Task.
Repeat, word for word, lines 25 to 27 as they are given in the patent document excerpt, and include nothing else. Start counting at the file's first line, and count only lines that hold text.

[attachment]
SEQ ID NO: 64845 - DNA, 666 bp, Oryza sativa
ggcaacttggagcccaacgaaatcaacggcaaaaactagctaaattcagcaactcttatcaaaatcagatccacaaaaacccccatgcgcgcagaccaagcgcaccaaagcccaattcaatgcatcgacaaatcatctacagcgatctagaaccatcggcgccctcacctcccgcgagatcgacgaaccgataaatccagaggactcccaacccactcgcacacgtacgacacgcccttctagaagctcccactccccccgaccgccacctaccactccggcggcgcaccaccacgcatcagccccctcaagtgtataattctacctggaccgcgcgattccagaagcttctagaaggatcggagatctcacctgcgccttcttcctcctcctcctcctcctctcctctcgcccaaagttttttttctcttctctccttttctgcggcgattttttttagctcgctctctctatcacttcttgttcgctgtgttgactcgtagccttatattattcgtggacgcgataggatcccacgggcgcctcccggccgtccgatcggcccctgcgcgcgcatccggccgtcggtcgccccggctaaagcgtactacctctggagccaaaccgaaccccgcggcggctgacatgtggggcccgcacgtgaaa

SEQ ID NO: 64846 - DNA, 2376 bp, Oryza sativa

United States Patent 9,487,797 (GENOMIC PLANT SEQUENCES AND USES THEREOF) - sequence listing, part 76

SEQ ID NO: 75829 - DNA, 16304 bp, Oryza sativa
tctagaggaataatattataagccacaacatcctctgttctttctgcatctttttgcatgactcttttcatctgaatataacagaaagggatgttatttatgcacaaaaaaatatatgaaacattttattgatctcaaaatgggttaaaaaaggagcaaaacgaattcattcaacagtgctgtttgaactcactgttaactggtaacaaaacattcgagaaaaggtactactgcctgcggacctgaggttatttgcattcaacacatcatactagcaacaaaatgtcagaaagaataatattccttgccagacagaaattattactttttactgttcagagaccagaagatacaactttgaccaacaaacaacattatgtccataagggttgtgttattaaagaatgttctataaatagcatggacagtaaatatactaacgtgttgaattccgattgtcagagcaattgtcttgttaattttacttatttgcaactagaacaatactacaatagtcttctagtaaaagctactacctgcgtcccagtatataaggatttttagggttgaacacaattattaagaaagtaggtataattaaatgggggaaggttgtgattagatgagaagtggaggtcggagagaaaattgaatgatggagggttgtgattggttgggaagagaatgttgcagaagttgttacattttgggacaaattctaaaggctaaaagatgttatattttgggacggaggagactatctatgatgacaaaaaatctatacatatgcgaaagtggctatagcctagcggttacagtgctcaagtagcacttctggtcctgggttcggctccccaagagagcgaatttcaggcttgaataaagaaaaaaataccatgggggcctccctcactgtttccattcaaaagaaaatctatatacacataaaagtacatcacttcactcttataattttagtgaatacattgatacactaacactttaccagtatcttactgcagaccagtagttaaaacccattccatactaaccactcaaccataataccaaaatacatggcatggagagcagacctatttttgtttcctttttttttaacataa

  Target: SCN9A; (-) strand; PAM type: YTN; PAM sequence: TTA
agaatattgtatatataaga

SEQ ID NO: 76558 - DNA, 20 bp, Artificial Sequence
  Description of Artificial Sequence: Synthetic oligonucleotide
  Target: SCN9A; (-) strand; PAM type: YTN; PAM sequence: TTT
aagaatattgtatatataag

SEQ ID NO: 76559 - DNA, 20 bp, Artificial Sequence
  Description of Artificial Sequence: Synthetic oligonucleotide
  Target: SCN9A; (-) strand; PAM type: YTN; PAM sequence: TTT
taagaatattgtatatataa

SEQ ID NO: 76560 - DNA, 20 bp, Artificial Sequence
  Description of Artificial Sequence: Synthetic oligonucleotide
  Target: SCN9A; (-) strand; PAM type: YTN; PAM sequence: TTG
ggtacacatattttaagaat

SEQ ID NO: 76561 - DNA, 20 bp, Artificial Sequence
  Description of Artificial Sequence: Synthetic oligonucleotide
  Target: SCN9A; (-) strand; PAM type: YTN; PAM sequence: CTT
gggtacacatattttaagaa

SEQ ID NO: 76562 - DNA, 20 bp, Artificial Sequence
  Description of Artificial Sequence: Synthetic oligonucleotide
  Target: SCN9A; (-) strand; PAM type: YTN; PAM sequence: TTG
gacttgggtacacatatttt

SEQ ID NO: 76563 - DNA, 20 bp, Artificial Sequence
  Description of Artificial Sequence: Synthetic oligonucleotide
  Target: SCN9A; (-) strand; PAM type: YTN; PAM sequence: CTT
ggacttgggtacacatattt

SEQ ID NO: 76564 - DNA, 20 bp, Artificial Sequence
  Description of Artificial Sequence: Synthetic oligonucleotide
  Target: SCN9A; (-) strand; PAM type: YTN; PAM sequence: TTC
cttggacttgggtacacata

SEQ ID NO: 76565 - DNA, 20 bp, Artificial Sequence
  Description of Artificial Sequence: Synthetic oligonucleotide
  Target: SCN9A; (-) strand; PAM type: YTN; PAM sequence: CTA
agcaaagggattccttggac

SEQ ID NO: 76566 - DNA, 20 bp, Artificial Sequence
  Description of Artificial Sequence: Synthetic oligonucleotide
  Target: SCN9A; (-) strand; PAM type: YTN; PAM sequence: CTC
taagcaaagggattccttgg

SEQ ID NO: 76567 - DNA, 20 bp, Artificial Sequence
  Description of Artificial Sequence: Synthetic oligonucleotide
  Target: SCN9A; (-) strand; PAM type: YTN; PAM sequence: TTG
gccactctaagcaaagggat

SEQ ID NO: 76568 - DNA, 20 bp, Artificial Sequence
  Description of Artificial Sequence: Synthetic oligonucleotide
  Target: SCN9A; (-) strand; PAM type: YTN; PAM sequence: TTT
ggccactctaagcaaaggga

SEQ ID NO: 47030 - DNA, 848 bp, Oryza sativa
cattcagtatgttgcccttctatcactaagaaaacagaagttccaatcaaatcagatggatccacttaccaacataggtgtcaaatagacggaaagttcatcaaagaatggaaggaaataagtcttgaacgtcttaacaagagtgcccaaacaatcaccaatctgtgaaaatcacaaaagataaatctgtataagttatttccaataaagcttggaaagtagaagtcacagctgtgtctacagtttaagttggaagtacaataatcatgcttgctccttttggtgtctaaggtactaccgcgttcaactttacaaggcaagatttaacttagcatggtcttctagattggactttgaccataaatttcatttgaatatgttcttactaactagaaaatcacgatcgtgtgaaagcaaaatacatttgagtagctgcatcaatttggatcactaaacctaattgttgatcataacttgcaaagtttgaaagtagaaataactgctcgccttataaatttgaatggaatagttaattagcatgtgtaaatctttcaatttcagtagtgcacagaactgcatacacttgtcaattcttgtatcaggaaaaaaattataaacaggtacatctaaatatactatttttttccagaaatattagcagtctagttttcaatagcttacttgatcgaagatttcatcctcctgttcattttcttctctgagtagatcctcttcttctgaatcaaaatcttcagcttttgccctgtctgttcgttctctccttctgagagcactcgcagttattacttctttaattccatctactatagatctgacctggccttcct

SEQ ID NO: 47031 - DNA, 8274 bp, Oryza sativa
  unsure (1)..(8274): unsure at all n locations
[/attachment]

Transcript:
SEQ ID NO: 76562 - DNA, 20 bp, Artificial Sequence
  Description of Artificial Sequence: Synthetic oligonucleotide
  Target: SCN9A; (-) strand; PAM type: YTN; PAM sequence: TTG